Baylor game notes and analysis: defense

Notes and analysis on the Horns' defensive performance in their 49-10 win over Baylor:

In our IT Picks feature last issue, I wrote the following: ". . . the UT D will turn in another solid effort (although, as it does each week, it will fall asleep on at least one BU drive and allow the Bears an easy TD)." That drive came early in the second quarter with the Horns holding a 14-0 lead. After a miserable series by the Texas offense, Baylor took over at the UT 48 following a solid Brian Bradford punt. On two earlier BU drives that began inside Texas territory, the Longhorn D kept the Bears off the board. On this one, Baylor covered the 48 yards to the end zone with ease. On a third and nine from the 47, QB Josh Zachry hit a wide-open Andra Fuller for 15 yards and a first down. After a four-yard keeper, Zachry found Reggie Newhouse wide open in a seam of the Longhorn zone for his only catch of the day, setting up a first and goal for the Bears at the 10. Zachry then waltzed virtually untouched for a TD on a QB draw. The final four plays of the six-play drive covered 47 yards with minimal UT resistance. The D also gave up a far-too-easy one-minute drive to Baylor just before the end of the first half. The Bears, after a squib kick that was returned to the 37, started the drive with just 48 ticks left on the scoreboard clock but drove all the way to the 10 and even took one shot in the end zone before having to settle for a field goal. On the eight-play drive, Baylor completed passes of 11 and 25 yards and Zachry scrambled for another 10. Those two drives accounted for 101 of the Bears' paltry total of 195 yards.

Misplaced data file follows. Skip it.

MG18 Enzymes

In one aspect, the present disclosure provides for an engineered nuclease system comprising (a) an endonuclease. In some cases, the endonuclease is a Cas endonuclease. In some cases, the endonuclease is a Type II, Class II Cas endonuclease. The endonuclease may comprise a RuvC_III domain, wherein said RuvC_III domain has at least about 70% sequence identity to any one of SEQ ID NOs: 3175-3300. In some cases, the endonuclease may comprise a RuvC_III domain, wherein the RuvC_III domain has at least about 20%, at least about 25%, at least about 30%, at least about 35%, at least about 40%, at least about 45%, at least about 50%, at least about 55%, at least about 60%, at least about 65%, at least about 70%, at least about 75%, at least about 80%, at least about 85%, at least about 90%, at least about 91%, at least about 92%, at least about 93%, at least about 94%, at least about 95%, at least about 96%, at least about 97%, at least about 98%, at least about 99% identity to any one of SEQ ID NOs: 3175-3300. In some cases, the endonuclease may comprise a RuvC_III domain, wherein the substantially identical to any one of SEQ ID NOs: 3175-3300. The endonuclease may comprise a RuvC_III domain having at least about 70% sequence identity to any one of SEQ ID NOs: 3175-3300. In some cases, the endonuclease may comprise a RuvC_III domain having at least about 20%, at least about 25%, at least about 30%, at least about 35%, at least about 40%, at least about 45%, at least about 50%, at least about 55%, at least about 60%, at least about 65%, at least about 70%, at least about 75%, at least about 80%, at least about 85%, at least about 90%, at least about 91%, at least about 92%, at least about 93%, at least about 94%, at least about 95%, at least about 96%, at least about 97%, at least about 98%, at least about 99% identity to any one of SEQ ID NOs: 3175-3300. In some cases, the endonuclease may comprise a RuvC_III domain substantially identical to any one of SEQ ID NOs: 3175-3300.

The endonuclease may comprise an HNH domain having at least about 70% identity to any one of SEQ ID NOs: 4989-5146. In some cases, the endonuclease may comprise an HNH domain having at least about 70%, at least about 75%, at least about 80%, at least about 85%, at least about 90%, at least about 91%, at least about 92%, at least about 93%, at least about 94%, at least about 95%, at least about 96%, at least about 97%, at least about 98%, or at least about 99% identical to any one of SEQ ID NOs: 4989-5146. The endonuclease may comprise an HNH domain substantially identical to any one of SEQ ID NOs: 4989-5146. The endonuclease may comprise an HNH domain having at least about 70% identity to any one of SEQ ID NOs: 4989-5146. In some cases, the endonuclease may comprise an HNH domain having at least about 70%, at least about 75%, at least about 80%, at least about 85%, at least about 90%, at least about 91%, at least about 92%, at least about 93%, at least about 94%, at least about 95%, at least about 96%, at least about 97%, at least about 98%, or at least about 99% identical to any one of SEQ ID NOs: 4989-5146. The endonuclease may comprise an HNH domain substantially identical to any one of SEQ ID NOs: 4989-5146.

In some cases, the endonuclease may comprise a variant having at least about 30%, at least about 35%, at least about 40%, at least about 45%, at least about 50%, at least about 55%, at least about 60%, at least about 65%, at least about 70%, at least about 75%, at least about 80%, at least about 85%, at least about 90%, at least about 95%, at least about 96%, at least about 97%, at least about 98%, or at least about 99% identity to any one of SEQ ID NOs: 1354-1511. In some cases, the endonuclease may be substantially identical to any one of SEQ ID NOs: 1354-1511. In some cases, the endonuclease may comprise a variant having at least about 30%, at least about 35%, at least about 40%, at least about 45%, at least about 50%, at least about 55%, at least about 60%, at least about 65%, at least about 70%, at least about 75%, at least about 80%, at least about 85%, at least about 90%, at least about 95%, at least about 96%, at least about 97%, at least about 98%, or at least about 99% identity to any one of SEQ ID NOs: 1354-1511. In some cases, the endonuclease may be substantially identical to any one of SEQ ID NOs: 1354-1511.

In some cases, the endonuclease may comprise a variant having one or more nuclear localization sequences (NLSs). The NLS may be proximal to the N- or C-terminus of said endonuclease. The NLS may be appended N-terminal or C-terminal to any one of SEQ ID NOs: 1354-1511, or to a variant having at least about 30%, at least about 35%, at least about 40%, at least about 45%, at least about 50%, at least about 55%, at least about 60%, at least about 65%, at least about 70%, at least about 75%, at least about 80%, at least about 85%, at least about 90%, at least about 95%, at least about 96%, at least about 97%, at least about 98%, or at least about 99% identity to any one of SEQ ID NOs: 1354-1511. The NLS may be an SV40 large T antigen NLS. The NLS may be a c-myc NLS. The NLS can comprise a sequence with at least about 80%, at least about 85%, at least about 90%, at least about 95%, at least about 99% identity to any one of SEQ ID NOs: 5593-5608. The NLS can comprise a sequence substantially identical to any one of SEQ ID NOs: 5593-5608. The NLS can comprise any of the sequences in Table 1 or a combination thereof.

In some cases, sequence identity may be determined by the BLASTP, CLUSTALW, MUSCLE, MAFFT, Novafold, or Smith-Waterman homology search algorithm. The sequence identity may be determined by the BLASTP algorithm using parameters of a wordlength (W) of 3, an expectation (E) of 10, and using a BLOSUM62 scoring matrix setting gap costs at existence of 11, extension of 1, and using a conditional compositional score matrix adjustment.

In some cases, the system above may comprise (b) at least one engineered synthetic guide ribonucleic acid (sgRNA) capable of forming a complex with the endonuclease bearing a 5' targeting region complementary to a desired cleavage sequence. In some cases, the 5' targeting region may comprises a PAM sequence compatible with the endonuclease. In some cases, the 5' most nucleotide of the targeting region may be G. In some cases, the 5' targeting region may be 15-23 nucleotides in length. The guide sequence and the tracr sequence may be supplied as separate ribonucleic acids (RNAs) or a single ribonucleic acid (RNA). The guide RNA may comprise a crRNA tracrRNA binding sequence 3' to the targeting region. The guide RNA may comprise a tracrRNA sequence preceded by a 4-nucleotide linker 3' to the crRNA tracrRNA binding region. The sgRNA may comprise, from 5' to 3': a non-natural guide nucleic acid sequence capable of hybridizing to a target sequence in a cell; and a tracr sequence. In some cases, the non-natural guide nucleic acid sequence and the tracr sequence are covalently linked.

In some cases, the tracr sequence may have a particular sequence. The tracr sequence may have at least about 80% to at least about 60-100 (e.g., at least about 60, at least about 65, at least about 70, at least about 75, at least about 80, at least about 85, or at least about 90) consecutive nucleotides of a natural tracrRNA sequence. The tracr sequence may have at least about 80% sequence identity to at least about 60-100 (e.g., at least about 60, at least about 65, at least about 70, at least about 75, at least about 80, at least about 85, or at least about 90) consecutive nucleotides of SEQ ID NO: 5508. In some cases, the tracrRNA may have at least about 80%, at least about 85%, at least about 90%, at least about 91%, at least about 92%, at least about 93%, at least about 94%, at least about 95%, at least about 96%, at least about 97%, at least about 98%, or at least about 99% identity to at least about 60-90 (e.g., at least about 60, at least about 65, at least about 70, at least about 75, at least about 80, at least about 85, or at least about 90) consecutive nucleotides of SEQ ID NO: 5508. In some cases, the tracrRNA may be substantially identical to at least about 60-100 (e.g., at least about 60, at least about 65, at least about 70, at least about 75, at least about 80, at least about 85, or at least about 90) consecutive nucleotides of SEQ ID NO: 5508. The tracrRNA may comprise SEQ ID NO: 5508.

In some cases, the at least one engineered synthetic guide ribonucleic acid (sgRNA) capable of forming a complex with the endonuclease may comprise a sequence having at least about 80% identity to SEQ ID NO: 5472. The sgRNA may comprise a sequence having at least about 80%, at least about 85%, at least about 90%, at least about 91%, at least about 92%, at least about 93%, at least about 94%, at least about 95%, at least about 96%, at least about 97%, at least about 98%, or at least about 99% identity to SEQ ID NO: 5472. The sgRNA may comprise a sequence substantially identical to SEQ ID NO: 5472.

The UT D's most important series came mid-way through the first quarter after a Chris Simms interception set Baylor up at the UT 37. The Bears immediately picked up a quick first down on two running plays, but with BU just 27 yards from the goalline and looking to take an early lead, the Horns stuffed the Bears on three straight plays, forcing a 43-yard field goal attempt that Tyrone Jones blocked, preserving for a moment the 0-0 tie. The Texas offense took over and drove the length of the field to give the Horns a lead they would never relinquish.